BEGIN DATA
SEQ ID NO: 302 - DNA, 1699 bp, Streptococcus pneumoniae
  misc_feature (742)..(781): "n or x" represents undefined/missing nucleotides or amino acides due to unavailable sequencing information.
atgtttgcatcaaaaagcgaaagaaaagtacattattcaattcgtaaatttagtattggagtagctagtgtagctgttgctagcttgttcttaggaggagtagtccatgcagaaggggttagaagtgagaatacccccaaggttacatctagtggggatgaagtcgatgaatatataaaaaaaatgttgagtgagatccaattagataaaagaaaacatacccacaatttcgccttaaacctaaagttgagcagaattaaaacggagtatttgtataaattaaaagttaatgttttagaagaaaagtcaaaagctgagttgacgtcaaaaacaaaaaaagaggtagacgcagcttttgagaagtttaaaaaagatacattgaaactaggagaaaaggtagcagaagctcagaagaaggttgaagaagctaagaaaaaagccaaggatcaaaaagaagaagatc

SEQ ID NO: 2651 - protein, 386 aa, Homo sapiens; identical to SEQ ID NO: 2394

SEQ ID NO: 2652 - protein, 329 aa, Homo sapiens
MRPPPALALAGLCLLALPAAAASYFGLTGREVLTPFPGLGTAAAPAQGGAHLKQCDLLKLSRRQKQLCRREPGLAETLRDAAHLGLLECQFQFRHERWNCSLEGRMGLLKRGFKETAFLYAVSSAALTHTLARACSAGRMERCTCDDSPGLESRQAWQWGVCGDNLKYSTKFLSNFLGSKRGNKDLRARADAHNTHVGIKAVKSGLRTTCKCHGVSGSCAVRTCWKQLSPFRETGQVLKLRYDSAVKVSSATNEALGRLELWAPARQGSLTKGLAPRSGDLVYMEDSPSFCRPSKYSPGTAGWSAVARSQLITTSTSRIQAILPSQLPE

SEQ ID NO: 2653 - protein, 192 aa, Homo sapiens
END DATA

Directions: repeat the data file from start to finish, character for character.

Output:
SEQ ID NO: 302 - DNA, 1699 bp, Streptococcus pneumoniae
  misc_feature (742)..(781): "n or x" represents undefined/missing nucleotides or amino acides due to unavailable sequencing information.
atgtttgcatcaaaaagcgaaagaaaagtacattattcaattcgtaaatttagtattggagtagctagtgtagctgttgctagcttgttcttaggaggagtagtccatgcagaaggggttagaagtgagaatacccccaaggttacatctagtggggatgaagtcgatgaatatataaaaaaaatgttgagtgagatccaattagataaaagaaaacatacccacaatttcgccttaaacctaaagttgagcagaattaaaacggagtatttgtataaattaaaagttaatgttttagaagaaaagtcaaaagctgagttgacgtcaaaaacaaaaaaagaggtagacgcagcttttgagaagtttaaaaaagatacattgaaactaggagaaaaggtagcagaagctcagaagaaggttgaagaagctaagaaaaaagccaaggatcaaaaagaagaagatc

SEQ ID NO: 2651 - protein, 386 aa, Homo sapiens; identical to SEQ ID NO: 2394

SEQ ID NO: 2652 - protein, 329 aa, Homo sapiens
MRPPPALALAGLCLLALPAAAASYFGLTGREVLTPFPGLGTAAAPAQGGAHLKQCDLLKLSRRQKQLCRREPGLAETLRDAAHLGLLECQFQFRHERWNCSLEGRMGLLKRGFKETAFLYAVSSAALTHTLARACSAGRMERCTCDDSPGLESRQAWQWGVCGDNLKYSTKFLSNFLGSKRGNKDLRARADAHNTHVGIKAVKSGLRTTCKCHGVSGSCAVRTCWKQLSPFRETGQVLKLRYDSAVKVSSATNEALGRLELWAPARQGSLTKGLAPRSGDLVYMEDSPSFCRPSKYSPGTAGWSAVARSQLITTSTSRIQAILPSQLPE

SEQ ID NO: 2653 - protein, 192 aa, Homo sapiens